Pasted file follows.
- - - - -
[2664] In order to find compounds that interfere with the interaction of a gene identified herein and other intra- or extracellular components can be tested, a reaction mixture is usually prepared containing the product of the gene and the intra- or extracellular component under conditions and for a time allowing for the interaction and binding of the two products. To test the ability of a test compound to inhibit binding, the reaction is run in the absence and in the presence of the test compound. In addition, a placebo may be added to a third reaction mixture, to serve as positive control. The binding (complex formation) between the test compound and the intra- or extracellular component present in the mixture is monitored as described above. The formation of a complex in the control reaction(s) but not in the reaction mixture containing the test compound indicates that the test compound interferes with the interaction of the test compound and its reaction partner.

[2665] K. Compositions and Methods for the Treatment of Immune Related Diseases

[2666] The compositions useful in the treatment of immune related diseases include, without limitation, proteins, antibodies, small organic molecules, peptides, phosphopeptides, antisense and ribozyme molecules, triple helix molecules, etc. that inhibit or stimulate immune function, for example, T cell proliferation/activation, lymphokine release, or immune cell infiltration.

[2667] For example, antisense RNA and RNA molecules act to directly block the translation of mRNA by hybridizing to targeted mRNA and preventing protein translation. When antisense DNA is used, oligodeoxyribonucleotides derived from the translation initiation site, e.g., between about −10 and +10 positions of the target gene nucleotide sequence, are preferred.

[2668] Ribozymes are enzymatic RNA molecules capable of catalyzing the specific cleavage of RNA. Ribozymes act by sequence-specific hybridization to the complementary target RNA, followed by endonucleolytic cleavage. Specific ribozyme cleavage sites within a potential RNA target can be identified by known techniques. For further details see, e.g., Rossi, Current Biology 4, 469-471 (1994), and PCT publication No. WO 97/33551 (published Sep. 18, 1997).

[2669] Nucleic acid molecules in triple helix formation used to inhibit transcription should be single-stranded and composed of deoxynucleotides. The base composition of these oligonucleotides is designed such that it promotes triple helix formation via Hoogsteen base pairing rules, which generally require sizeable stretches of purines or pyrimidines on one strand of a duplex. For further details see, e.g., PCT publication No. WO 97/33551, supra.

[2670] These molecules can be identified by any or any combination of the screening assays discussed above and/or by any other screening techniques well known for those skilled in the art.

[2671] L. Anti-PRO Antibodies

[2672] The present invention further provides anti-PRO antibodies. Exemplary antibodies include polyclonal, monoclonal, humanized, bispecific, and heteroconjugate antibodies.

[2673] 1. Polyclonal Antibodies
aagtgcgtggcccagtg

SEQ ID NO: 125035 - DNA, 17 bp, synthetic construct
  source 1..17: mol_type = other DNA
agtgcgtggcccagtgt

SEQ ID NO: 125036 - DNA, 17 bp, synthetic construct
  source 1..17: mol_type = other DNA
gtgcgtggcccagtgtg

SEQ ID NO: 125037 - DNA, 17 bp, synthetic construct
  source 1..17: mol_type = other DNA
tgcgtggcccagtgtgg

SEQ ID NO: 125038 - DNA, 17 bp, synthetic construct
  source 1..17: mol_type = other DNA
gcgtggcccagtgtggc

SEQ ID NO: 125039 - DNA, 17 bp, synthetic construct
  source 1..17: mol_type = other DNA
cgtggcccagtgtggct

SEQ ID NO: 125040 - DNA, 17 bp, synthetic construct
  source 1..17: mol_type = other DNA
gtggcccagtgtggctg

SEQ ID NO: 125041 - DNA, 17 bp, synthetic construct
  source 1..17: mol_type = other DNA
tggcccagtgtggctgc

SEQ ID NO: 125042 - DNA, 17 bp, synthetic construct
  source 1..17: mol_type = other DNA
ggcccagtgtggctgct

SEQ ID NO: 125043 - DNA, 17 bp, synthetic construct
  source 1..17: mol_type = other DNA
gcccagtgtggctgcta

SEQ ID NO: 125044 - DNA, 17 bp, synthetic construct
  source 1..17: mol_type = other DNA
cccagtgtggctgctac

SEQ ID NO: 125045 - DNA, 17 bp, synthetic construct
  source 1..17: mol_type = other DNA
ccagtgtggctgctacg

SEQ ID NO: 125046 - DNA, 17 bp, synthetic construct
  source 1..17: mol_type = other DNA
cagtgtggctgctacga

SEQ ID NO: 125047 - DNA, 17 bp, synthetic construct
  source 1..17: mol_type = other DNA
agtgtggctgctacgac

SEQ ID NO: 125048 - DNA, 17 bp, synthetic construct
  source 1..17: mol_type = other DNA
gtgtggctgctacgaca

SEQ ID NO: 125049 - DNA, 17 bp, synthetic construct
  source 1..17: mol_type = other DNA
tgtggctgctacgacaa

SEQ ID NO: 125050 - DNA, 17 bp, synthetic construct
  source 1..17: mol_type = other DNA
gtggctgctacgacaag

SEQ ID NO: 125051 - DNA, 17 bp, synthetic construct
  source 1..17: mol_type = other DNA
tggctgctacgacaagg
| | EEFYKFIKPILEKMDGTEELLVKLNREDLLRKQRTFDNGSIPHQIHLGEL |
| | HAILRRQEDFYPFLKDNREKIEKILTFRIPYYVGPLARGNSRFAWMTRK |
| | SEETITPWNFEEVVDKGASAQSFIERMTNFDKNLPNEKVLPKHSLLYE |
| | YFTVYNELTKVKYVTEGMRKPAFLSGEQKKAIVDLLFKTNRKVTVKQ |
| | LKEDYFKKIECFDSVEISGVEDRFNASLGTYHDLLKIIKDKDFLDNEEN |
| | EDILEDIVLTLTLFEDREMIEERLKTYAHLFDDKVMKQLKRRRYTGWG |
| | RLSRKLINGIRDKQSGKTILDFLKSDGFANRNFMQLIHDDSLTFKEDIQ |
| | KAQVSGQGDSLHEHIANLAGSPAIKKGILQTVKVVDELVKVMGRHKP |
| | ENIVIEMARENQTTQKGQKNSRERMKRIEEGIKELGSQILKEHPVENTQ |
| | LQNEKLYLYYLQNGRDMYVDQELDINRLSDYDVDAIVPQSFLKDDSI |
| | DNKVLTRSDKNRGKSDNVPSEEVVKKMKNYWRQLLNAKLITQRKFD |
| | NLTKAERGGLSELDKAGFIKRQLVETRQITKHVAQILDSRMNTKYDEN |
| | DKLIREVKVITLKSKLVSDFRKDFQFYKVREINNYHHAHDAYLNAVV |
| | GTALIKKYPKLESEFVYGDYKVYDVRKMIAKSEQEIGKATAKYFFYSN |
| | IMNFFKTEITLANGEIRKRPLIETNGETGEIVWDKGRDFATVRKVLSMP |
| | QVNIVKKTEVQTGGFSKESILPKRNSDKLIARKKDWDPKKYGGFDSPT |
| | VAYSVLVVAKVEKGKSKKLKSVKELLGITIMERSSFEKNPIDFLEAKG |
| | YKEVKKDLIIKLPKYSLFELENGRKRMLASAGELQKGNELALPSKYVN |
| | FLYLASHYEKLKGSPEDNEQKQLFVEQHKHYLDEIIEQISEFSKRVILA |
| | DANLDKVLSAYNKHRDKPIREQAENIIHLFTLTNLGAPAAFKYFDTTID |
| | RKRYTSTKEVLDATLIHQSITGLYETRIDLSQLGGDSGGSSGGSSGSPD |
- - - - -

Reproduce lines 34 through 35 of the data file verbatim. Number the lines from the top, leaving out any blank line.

  source 1..17: mol_type = other DNA
ggcccagtgtggctgct